Ashland University Spectrum Event to Feature ‘Turning Away from Hate’ Program
Ashland University’s second spring Spectrum event will feature Tom Leyden, a former neo-Nazi white supremacist activist and recruiter who is now teaching tolerance. Leyden will present a program titled “Turning Away from Hate” on Feb. 23 at 7:30 p.m. in the Alumni Room of the John C. Myers Convocation Center.
The cost is $5 for general admission, $1 for Ashland University students with I.D. and $3 for Ashland University faculty and staff. Tickets can be purchased at the Ashland University Box Office in the Center for the Arts, Monday through Friday from 12‐6 p.m., or by calling 419-289-5125.
After 15 years as a neo‐Nazi white supremacist activist and recruiter, Tom "TJ" Leyden experienced a profound change of heart, turned away from hate and began teaching tolerance.
Leyden grew up in a closely‐knit Irish‐Catholic family in Fontana, Calif. Life began to unravel for him when his parents got divorced, and he began listening to punk rock and venting his rage by slam‐dancing and fighting at weekend concerts. His violent behavior attracted the attention of local skinheads, and soon he started his own skinhead group in Redlands, Calif., at the age of 15. At 21, Leyden joined the Marines and his role as a leading recruiter, organizer and propagandist for the white supremacist movement increased. In all, he spent more than 15 years as a leader in the neo‐Nazi movement, even marrying a woman deeply committed to the movement and raising two young sons in a hate‐filled environment.
Today, he has turned away from the hatred that defined his life for so long. He is the one of few known former skinheads who has left the movement and retained his own name. He worked for more than five years for the Simon Wiesenthal Center teaching on the culture of hate and the importance in fighting against it. He was invited by President Clinton to be a featured speaker at the White House Conference on Hate, and he has trained at the Pentagon, the FBI, military bases, and for numerous law enforcement agencies.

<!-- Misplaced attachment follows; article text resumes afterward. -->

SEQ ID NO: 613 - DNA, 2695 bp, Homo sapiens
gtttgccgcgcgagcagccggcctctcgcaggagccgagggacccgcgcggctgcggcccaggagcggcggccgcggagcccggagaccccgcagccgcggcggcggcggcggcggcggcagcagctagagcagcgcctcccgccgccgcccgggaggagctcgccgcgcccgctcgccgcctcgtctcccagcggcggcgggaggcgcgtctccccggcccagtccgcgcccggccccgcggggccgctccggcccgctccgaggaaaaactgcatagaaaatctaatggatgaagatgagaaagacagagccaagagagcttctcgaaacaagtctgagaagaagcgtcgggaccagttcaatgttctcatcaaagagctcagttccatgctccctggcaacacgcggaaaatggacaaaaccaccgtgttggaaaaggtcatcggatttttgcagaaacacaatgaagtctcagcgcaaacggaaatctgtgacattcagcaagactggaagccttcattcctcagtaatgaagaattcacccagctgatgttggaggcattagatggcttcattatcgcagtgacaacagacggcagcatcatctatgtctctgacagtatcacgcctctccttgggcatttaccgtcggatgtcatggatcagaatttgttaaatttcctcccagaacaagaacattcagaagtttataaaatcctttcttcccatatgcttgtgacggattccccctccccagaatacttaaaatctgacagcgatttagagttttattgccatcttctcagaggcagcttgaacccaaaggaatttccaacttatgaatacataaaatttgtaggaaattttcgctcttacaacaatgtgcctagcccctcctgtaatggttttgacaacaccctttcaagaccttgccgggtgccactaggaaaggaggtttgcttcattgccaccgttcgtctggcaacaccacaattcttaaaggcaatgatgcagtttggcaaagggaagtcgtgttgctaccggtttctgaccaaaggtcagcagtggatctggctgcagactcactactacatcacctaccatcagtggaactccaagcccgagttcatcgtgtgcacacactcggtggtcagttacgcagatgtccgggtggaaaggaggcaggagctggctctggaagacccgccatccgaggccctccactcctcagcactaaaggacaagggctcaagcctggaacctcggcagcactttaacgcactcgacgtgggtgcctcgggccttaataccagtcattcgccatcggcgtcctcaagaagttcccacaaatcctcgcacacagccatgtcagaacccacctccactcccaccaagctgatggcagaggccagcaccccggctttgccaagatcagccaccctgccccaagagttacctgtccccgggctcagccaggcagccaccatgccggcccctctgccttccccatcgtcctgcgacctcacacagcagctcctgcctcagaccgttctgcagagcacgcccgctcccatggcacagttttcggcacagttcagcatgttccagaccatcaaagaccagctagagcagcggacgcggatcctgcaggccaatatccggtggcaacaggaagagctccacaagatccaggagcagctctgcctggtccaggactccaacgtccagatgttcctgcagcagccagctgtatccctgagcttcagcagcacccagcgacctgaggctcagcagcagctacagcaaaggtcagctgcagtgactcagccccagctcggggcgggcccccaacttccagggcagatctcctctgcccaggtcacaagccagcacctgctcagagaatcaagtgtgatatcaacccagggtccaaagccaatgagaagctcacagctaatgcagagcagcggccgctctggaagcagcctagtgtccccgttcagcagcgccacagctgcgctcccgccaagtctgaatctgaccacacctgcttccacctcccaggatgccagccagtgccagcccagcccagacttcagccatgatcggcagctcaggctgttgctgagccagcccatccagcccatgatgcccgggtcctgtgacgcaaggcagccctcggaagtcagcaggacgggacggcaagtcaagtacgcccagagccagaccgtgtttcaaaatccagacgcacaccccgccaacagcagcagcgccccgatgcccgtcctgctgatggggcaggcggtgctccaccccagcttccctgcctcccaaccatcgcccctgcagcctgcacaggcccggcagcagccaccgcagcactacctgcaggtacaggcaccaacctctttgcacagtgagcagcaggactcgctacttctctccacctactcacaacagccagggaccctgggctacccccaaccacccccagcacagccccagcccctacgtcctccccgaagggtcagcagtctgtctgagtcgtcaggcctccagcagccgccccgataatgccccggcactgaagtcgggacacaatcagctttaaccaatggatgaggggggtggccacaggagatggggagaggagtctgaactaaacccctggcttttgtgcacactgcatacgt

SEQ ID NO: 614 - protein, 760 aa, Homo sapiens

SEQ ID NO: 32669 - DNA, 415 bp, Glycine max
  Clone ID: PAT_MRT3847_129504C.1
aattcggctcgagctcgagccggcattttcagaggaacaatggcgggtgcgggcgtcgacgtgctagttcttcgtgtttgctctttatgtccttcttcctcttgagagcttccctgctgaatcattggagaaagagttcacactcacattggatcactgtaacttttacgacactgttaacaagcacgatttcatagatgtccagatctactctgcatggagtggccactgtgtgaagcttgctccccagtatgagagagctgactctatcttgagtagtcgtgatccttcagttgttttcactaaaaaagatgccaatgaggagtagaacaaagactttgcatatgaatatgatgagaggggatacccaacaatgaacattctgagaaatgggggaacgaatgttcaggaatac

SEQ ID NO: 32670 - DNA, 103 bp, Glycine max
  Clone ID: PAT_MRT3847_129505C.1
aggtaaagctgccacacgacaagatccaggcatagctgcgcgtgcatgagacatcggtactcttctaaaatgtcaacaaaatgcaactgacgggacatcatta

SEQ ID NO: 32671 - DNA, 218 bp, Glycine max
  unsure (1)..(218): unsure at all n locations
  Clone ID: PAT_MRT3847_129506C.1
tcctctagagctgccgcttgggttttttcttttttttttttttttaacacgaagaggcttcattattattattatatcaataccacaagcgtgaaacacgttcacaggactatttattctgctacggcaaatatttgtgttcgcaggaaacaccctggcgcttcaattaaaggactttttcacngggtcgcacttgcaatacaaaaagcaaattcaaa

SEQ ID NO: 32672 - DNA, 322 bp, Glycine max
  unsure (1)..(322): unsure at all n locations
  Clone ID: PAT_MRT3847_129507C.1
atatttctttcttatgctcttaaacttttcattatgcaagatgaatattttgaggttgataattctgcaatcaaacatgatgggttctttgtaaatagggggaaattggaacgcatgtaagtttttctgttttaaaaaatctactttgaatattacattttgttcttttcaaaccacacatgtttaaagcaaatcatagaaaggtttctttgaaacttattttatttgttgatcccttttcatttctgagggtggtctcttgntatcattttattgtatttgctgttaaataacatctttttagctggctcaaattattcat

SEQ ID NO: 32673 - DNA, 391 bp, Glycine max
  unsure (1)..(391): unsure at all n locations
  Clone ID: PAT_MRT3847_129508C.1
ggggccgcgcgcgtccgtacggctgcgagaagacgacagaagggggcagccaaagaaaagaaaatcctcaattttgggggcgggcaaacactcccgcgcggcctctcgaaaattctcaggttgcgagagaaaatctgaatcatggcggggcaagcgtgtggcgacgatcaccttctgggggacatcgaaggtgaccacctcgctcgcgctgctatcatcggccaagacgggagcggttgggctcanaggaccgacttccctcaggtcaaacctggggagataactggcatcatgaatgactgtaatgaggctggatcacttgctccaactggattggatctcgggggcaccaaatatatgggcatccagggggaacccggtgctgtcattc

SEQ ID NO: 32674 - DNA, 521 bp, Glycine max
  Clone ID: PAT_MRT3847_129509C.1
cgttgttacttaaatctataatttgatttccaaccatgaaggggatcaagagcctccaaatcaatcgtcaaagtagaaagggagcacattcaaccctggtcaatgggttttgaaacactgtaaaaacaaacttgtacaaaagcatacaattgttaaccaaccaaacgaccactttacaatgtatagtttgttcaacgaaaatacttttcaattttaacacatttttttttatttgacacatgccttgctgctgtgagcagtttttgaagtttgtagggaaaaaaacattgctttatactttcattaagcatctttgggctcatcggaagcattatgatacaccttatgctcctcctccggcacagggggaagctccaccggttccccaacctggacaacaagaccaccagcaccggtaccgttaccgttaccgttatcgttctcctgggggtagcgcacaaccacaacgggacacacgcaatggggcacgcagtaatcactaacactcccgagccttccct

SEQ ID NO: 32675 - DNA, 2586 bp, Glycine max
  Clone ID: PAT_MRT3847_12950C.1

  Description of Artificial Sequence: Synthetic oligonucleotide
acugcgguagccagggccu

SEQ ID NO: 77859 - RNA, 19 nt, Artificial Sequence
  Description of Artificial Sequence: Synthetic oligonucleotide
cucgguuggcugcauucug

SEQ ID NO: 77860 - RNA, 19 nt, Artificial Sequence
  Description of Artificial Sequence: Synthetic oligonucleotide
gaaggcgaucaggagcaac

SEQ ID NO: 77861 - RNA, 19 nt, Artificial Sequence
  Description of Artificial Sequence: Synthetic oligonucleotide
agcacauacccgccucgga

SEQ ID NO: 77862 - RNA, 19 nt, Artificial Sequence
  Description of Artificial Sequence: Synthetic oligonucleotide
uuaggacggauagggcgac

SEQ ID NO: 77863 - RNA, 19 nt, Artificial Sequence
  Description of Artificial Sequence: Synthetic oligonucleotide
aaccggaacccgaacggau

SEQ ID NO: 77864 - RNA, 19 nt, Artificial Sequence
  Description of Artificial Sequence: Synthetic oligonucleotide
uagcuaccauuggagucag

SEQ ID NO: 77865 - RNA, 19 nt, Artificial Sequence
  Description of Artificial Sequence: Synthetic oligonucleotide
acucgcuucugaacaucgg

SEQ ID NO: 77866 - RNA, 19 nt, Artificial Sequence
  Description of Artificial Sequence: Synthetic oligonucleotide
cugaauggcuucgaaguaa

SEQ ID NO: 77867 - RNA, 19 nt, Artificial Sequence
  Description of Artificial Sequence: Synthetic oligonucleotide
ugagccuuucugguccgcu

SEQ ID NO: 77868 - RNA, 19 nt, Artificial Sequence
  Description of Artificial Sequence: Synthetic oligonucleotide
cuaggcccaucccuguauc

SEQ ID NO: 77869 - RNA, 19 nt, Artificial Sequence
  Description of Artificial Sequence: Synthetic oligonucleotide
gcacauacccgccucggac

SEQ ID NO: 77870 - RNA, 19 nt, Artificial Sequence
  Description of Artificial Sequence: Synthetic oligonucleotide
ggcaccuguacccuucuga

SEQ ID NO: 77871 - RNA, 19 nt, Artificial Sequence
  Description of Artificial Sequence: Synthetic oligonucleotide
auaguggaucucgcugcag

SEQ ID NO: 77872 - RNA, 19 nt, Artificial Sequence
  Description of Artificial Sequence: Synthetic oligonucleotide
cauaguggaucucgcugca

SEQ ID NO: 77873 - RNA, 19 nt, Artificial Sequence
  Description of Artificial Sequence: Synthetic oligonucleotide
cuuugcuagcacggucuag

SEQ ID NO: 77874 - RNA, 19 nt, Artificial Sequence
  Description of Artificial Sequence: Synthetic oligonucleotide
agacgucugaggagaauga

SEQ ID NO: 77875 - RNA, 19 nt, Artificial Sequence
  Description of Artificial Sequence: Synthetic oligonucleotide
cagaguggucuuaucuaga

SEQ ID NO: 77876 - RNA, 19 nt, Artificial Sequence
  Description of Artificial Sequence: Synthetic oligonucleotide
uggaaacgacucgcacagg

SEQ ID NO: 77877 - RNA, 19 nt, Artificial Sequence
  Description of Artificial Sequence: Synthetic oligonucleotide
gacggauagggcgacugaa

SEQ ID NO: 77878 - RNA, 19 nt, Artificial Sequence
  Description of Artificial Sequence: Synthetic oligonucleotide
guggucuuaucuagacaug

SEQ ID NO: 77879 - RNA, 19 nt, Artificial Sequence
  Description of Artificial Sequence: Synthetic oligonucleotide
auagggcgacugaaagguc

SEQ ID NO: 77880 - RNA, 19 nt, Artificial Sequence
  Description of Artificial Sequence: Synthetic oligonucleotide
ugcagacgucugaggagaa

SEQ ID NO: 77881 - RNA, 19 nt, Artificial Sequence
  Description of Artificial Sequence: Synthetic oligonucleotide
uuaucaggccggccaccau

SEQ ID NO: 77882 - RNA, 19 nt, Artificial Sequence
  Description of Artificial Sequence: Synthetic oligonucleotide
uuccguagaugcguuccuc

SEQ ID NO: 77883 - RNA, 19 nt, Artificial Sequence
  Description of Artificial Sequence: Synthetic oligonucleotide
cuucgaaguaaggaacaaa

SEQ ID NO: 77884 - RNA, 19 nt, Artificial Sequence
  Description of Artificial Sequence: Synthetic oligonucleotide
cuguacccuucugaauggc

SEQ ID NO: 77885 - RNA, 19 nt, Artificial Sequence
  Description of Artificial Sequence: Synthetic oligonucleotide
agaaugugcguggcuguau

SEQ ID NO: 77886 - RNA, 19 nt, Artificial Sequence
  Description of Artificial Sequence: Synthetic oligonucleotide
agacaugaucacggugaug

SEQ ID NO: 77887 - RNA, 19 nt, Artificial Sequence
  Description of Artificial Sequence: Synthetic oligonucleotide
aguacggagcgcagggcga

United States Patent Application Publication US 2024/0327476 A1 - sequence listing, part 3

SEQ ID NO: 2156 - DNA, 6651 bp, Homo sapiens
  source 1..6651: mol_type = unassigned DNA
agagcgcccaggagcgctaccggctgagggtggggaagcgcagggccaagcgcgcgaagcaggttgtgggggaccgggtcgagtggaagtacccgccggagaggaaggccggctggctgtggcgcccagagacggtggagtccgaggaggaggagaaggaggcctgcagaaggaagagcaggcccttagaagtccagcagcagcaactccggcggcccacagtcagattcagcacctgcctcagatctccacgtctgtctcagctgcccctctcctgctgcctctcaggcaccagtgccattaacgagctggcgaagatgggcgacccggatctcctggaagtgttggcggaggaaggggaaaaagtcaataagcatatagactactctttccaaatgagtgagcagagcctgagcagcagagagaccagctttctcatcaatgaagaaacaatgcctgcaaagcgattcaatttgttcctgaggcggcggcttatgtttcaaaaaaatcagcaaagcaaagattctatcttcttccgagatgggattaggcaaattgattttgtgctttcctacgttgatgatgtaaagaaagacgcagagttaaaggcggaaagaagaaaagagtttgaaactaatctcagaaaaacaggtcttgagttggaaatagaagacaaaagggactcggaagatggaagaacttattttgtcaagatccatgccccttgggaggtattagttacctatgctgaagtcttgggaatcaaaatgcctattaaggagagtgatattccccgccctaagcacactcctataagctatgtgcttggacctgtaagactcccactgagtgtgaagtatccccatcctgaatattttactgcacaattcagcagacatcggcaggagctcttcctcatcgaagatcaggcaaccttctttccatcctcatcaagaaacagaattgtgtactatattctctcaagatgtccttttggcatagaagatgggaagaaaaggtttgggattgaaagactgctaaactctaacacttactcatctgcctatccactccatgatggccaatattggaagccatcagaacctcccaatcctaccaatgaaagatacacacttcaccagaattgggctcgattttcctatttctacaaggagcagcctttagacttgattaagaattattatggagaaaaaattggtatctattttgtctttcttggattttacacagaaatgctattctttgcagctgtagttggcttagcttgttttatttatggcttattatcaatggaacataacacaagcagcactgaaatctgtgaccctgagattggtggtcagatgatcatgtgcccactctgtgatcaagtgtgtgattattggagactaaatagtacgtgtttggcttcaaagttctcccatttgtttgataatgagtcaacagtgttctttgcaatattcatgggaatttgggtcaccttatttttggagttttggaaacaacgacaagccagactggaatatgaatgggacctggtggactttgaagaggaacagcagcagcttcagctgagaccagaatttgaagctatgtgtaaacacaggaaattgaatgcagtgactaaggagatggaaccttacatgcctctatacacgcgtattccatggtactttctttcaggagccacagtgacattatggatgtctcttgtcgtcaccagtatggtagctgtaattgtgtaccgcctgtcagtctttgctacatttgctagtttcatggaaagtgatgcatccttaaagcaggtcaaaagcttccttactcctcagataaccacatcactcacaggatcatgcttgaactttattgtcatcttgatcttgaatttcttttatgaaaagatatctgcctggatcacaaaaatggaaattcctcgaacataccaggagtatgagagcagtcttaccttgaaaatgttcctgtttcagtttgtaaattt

Although he receives regular death threats and must take extraordinary measures to protect himself from his former friends, Leyden is committed to being a fierce advocate for the importance of appreciating the differences in all people, as evidenced in his program, “Turning Away from Hate.”
The co-sponsors for the Leyden event include Ashland Center for Nonviolence, and the University’s Black Student Union, Minority Student Services and the Department of Student Life.
Ashland University is a mid-sized, private institution conveniently located a short distance from Akron, Cleveland and Columbus, Ohio. Ashland University values the individual student and offers a unique educational experience that combines the challenge of strong, applied academic programs with a faculty and staff who build nurturing relationships with their students.